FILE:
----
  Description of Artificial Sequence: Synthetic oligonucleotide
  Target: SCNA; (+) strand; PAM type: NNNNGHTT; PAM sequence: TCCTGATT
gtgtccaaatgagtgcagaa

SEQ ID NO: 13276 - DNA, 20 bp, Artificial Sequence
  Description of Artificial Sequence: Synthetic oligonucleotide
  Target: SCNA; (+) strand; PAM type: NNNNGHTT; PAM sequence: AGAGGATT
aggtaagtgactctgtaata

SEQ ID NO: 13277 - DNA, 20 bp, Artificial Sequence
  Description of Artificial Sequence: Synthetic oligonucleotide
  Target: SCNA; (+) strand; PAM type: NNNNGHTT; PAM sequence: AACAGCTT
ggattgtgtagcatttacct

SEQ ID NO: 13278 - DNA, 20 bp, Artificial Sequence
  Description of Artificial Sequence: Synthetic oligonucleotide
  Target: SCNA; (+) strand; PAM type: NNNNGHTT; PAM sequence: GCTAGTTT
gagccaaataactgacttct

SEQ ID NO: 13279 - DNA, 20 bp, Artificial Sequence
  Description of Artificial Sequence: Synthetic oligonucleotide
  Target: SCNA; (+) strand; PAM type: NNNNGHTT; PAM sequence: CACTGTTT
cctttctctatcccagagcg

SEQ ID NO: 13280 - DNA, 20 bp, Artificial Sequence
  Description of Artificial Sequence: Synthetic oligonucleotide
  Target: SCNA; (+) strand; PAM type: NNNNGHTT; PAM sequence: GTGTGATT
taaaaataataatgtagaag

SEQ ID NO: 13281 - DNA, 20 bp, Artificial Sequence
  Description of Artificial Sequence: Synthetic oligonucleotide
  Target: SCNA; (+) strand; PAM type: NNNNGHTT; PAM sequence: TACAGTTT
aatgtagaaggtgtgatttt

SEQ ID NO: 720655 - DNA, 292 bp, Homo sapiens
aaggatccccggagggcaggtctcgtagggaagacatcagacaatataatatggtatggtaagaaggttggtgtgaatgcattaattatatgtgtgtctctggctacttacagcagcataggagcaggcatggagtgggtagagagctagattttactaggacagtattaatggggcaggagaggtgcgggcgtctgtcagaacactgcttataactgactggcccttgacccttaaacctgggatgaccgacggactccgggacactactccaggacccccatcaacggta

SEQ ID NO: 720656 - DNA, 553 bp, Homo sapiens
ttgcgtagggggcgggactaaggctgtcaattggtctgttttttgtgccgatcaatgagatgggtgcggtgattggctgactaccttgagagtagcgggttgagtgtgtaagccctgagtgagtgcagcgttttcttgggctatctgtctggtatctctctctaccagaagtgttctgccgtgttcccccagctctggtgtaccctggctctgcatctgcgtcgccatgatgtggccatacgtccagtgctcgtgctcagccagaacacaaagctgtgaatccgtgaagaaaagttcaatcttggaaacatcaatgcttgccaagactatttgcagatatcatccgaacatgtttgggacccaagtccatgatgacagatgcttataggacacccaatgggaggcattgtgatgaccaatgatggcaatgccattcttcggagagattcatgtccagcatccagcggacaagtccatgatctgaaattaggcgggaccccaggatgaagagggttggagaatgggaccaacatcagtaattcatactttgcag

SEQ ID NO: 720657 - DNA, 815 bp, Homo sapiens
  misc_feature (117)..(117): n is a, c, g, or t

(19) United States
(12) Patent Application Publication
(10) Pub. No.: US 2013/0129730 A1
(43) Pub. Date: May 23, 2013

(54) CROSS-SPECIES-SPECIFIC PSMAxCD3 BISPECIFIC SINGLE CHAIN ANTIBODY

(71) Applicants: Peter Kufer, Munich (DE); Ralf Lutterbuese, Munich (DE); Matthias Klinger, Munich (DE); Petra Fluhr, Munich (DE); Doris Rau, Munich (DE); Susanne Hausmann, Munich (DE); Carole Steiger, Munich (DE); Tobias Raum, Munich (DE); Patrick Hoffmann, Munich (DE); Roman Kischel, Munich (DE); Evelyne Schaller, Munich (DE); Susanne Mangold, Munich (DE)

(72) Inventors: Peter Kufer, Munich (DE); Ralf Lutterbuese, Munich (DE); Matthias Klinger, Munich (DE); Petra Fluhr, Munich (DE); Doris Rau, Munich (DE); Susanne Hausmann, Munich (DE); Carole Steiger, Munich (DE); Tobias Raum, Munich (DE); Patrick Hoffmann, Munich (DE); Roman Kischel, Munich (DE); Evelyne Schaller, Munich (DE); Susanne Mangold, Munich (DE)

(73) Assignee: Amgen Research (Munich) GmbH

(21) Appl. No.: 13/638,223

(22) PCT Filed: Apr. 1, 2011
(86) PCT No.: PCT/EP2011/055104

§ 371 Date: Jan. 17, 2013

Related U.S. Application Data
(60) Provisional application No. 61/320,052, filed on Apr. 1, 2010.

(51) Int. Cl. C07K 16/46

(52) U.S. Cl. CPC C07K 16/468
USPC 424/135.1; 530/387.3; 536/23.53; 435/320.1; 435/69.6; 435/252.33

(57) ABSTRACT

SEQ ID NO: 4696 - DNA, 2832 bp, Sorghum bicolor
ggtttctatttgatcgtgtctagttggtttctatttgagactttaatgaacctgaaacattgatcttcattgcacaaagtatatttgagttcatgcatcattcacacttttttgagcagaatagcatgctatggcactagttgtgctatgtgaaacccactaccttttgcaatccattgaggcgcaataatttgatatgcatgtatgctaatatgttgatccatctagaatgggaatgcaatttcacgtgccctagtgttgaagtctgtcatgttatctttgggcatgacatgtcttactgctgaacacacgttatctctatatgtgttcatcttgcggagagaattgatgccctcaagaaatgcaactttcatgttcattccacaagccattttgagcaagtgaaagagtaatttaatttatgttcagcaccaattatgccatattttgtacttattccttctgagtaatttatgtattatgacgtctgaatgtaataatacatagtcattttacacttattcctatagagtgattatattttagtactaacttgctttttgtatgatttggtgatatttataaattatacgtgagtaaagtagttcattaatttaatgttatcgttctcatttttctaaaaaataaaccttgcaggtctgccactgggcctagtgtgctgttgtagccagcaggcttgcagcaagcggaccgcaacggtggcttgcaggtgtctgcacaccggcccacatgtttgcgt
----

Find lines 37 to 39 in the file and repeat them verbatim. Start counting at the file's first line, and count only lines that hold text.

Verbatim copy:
(43) Pub. Date: May 23, 2013

(54) CROSS-SPECIES-SPECIFIC PSMAxCD3 BISPECIFIC SINGLE CHAIN ANTIBODY

(71) Applicants: Peter Kufer, Munich (DE); Ralf Lutterbuese, Munich (DE); Matthias Klinger, Munich (DE); Petra Fluhr, Munich (DE); Doris Rau, Munich (DE); Susanne Hausmann, Munich (DE); Carole Steiger, Munich (DE); Tobias Raum, Munich (DE); Patrick Hoffmann, Munich (DE); Roman Kischel, Munich (DE); Evelyne Schaller, Munich (DE); Susanne Mangold, Munich (DE)